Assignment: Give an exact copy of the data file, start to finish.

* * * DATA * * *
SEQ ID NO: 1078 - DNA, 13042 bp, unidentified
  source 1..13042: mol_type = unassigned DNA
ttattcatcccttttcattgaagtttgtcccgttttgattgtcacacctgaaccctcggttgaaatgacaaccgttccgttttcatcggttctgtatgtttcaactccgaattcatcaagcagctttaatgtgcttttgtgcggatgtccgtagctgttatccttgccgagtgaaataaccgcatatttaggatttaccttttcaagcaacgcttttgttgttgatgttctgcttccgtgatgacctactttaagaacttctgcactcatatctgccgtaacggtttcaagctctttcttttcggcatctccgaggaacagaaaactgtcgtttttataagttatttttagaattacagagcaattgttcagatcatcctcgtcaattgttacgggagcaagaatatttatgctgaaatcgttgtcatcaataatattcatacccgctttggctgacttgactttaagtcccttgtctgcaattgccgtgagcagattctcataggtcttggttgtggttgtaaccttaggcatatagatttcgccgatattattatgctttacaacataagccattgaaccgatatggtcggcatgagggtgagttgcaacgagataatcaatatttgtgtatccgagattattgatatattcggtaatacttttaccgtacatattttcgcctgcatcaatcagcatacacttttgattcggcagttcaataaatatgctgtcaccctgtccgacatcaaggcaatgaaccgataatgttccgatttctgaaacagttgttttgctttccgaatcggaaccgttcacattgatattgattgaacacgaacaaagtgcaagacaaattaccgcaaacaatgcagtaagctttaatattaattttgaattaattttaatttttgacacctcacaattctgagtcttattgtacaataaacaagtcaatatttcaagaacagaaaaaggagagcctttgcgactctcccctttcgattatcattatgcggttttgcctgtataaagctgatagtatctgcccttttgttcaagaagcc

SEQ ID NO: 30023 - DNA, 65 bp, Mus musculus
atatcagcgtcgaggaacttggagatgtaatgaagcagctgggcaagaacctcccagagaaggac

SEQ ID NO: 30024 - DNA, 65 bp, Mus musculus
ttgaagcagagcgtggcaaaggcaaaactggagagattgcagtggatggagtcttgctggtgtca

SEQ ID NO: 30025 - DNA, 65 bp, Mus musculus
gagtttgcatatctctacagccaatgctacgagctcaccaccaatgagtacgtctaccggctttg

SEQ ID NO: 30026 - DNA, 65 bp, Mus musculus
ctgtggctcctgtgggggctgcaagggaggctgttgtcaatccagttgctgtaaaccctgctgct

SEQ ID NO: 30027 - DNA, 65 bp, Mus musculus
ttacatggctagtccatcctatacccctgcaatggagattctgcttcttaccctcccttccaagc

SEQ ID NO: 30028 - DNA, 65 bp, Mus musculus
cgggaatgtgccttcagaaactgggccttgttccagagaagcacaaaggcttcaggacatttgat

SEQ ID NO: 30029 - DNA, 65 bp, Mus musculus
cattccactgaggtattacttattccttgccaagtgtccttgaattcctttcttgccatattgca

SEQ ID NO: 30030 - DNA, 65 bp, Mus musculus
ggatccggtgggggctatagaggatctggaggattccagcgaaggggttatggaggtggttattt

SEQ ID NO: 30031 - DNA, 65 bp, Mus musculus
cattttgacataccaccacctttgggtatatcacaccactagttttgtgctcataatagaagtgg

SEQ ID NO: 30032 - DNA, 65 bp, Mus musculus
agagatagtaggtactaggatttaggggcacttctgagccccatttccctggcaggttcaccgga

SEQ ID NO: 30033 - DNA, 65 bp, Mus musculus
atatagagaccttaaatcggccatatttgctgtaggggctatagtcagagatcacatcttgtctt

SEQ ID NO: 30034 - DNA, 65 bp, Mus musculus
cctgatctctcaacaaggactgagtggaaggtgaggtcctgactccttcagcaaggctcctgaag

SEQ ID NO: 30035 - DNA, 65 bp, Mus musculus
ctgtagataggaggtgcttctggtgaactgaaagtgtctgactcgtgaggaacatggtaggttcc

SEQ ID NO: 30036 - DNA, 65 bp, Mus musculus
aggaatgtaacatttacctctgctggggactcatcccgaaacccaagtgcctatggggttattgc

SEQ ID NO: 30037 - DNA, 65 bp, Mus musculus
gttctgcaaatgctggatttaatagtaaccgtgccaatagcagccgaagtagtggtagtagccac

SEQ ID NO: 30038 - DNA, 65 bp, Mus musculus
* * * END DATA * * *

SEQ ID NO: 1078 - DNA, 13042 bp, unidentified
  source 1..13042: mol_type = unassigned DNA
ttattcatcccttttcattgaagtttgtcccgttttgattgtcacacctgaaccctcggttgaaatgacaaccgttccgttttcatcggttctgtatgtttcaactccgaattcatcaagcagctttaatgtgcttttgtgcggatgtccgtagctgttatccttgccgagtgaaataaccgcatatttaggatttaccttttcaagcaacgcttttgttgttgatgttctgcttccgtgatgacctactttaagaacttctgcactcatatctgccgtaacggtttcaagctctttcttttcggcatctccgaggaacagaaaactgtcgtttttataagttatttttagaattacagagcaattgttcagatcatcctcgtcaattgttacgggagcaagaatatttatgctgaaatcgttgtcatcaataatattcatacccgctttggctgacttgactttaagtcccttgtctgcaattgccgtgagcagattctcataggtcttggttgtggttgtaaccttaggcatatagatttcgccgatattattatgctttacaacataagccattgaaccgatatggtcggcatgagggtgagttgcaacgagataatcaatatttgtgtatccgagattattgatatattcggtaatacttttaccgtacatattttcgcctgcatcaatcagcatacacttttgattcggcagttcaataaatatgctgtcaccctgtccgacatcaaggcaatgaaccgataatgttccgatttctgaaacagttgttttgctttccgaatcggaaccgttcacattgatattgattgaacacgaacaaagtgcaagacaaattaccgcaaacaatgcagtaagctttaatattaattttgaattaattttaatttttgacacctcacaattctgagtcttattgtacaataaacaagtcaatatttcaagaacagaaaaaggagagcctttgcgactctcccctttcgattatcattatgcggttttgcctgtataaagctgatagtatctgcccttttgttcaagaagcc

SEQ ID NO: 30023 - DNA, 65 bp, Mus musculus
atatcagcgtcgaggaacttggagatgtaatgaagcagctgggcaagaacctcccagagaaggac

SEQ ID NO: 30024 - DNA, 65 bp, Mus musculus
ttgaagcagagcgtggcaaaggcaaaactggagagattgcagtggatggagtcttgctggtgtca

SEQ ID NO: 30025 - DNA, 65 bp, Mus musculus
gagtttgcatatctctacagccaatgctacgagctcaccaccaatgagtacgtctaccggctttg

SEQ ID NO: 30026 - DNA, 65 bp, Mus musculus
ctgtggctcctgtgggggctgcaagggaggctgttgtcaatccagttgctgtaaaccctgctgct

SEQ ID NO: 30027 - DNA, 65 bp, Mus musculus
ttacatggctagtccatcctatacccctgcaatggagattctgcttcttaccctcccttccaagc

SEQ ID NO: 30028 - DNA, 65 bp, Mus musculus
cgggaatgtgccttcagaaactgggccttgttccagagaagcacaaaggcttcaggacatttgat

SEQ ID NO: 30029 - DNA, 65 bp, Mus musculus
cattccactgaggtattacttattccttgccaagtgtccttgaattcctttcttgccatattgca

SEQ ID NO: 30030 - DNA, 65 bp, Mus musculus
ggatccggtgggggctatagaggatctggaggattccagcgaaggggttatggaggtggttattt

SEQ ID NO: 30031 - DNA, 65 bp, Mus musculus
cattttgacataccaccacctttgggtatatcacaccactagttttgtgctcataatagaagtgg

SEQ ID NO: 30032 - DNA, 65 bp, Mus musculus
agagatagtaggtactaggatttaggggcacttctgagccccatttccctggcaggttcaccgga

SEQ ID NO: 30033 - DNA, 65 bp, Mus musculus
atatagagaccttaaatcggccatatttgctgtaggggctatagtcagagatcacatcttgtctt

SEQ ID NO: 30034 - DNA, 65 bp, Mus musculus
cctgatctctcaacaaggactgagtggaaggtgaggtcctgactccttcagcaaggctcctgaag

SEQ ID NO: 30035 - DNA, 65 bp, Mus musculus
ctgtagataggaggtgcttctggtgaactgaaagtgtctgactcgtgaggaacatggtaggttcc

SEQ ID NO: 30036 - DNA, 65 bp, Mus musculus
aggaatgtaacatttacctctgctggggactcatcccgaaacccaagtgcctatggggttattgc

SEQ ID NO: 30037 - DNA, 65 bp, Mus musculus
gttctgcaaatgctggatttaatagtaaccgtgccaatagcagccgaagtagtggtagtagccac

SEQ ID NO: 30038 - DNA, 65 bp, Mus musculus